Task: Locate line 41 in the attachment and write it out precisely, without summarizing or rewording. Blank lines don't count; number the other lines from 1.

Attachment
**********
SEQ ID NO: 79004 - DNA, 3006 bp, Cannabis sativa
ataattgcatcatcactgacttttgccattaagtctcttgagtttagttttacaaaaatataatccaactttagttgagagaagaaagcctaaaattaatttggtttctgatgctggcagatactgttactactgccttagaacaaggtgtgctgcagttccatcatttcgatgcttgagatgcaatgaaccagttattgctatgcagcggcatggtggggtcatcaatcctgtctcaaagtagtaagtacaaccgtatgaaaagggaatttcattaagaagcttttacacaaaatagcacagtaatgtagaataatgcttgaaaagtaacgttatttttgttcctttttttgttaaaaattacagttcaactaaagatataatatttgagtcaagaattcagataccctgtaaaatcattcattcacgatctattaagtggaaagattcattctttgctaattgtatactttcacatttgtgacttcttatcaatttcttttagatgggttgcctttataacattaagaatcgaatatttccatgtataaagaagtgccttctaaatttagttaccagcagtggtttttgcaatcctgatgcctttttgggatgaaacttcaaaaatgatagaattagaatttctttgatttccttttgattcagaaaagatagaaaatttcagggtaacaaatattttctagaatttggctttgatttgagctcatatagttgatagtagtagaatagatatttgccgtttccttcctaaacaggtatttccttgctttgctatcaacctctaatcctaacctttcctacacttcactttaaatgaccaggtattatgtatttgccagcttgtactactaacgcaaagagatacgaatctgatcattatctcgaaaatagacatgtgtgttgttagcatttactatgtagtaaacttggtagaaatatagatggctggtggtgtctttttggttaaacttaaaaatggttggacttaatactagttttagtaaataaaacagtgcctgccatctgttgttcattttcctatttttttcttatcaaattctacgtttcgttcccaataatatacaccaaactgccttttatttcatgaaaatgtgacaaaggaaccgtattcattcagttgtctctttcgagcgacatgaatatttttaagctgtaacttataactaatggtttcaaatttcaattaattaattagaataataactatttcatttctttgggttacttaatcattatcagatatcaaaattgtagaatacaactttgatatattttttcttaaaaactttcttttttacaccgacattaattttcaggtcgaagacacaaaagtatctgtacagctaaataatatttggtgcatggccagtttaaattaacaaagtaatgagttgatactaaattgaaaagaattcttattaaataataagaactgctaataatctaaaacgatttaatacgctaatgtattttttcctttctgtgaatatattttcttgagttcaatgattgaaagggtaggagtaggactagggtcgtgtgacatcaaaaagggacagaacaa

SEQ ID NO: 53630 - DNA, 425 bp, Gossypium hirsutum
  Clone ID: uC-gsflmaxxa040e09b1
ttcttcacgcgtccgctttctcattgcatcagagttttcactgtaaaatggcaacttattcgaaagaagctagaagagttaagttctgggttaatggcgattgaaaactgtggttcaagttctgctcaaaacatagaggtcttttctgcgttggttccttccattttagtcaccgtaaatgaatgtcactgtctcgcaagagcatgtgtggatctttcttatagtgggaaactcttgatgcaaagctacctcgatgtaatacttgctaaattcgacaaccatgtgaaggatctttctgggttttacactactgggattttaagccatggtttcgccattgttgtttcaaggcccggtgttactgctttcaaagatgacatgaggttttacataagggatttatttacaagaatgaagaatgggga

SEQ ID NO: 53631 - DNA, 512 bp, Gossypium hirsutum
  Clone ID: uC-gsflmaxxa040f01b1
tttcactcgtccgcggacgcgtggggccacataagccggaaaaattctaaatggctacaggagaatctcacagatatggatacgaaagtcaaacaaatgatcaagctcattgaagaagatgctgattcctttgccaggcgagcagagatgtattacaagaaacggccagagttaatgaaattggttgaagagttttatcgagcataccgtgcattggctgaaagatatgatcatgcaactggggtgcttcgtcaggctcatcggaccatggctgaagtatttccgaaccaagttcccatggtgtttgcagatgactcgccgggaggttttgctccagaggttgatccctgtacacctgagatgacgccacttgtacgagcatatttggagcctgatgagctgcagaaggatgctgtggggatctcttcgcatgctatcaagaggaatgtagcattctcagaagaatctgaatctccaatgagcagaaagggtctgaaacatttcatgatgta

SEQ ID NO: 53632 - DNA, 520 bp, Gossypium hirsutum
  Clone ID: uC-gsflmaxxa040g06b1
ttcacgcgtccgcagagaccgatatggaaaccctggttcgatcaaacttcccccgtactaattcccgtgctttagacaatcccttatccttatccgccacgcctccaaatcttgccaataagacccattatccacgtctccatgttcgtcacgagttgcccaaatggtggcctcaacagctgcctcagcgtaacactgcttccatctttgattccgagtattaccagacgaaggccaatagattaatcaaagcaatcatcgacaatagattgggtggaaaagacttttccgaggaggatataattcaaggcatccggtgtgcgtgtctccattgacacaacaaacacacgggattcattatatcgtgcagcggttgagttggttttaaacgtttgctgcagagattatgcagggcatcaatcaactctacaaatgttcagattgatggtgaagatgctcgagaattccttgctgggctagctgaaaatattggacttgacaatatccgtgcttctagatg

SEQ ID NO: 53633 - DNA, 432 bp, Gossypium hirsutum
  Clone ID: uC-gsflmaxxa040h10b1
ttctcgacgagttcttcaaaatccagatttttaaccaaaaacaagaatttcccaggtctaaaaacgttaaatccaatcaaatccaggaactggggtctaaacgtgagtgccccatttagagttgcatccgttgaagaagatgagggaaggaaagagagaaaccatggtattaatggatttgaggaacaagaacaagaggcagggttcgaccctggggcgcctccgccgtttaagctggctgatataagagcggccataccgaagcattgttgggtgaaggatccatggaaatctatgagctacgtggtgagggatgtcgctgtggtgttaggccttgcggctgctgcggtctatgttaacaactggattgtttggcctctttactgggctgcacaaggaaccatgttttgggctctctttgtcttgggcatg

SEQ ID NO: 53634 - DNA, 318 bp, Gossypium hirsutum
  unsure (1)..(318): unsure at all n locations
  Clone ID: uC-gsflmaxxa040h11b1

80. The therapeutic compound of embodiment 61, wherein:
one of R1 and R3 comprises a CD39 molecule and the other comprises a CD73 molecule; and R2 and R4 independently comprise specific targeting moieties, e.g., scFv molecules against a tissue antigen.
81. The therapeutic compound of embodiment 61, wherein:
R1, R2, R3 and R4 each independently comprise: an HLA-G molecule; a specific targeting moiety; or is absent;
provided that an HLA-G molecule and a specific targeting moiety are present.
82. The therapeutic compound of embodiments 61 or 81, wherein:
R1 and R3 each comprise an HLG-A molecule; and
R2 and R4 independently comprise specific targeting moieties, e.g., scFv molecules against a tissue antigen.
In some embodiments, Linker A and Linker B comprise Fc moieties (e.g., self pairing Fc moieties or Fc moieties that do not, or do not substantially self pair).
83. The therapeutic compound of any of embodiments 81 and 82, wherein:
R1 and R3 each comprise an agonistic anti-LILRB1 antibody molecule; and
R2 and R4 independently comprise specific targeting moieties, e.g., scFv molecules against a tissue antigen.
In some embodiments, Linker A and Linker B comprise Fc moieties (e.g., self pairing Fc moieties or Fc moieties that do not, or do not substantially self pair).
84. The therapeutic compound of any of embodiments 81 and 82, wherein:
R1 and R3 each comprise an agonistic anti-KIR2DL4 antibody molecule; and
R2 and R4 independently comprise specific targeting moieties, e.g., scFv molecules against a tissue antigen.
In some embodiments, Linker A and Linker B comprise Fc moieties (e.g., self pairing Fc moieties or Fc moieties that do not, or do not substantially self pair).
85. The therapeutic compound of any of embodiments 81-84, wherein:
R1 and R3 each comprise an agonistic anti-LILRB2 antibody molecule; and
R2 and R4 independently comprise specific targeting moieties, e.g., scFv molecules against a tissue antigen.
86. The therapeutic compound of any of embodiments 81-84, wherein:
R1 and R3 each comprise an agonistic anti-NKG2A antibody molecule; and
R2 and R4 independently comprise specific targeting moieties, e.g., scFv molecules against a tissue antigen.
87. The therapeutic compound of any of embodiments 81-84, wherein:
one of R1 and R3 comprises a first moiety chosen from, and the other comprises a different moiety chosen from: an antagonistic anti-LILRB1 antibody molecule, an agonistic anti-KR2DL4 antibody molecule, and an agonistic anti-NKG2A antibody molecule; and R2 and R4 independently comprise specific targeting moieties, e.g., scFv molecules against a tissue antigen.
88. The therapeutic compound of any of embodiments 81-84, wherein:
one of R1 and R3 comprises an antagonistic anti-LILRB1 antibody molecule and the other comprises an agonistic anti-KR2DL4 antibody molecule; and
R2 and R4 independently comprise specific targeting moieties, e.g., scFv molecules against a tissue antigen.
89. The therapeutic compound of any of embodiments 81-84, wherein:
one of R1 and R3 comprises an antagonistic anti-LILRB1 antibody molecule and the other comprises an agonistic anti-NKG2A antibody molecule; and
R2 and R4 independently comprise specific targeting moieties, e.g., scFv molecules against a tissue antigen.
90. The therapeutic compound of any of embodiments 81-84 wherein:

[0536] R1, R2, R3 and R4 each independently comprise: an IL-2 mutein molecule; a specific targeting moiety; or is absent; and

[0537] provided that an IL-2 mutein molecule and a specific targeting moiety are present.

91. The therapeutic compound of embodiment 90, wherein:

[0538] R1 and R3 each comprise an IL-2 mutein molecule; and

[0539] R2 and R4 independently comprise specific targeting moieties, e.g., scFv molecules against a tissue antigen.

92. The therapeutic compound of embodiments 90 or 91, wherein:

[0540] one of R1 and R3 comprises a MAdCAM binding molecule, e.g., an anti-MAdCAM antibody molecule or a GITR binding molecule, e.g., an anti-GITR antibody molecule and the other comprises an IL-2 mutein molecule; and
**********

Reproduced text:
87. The therapeutic compound of any of embodiments 81-84, wherein: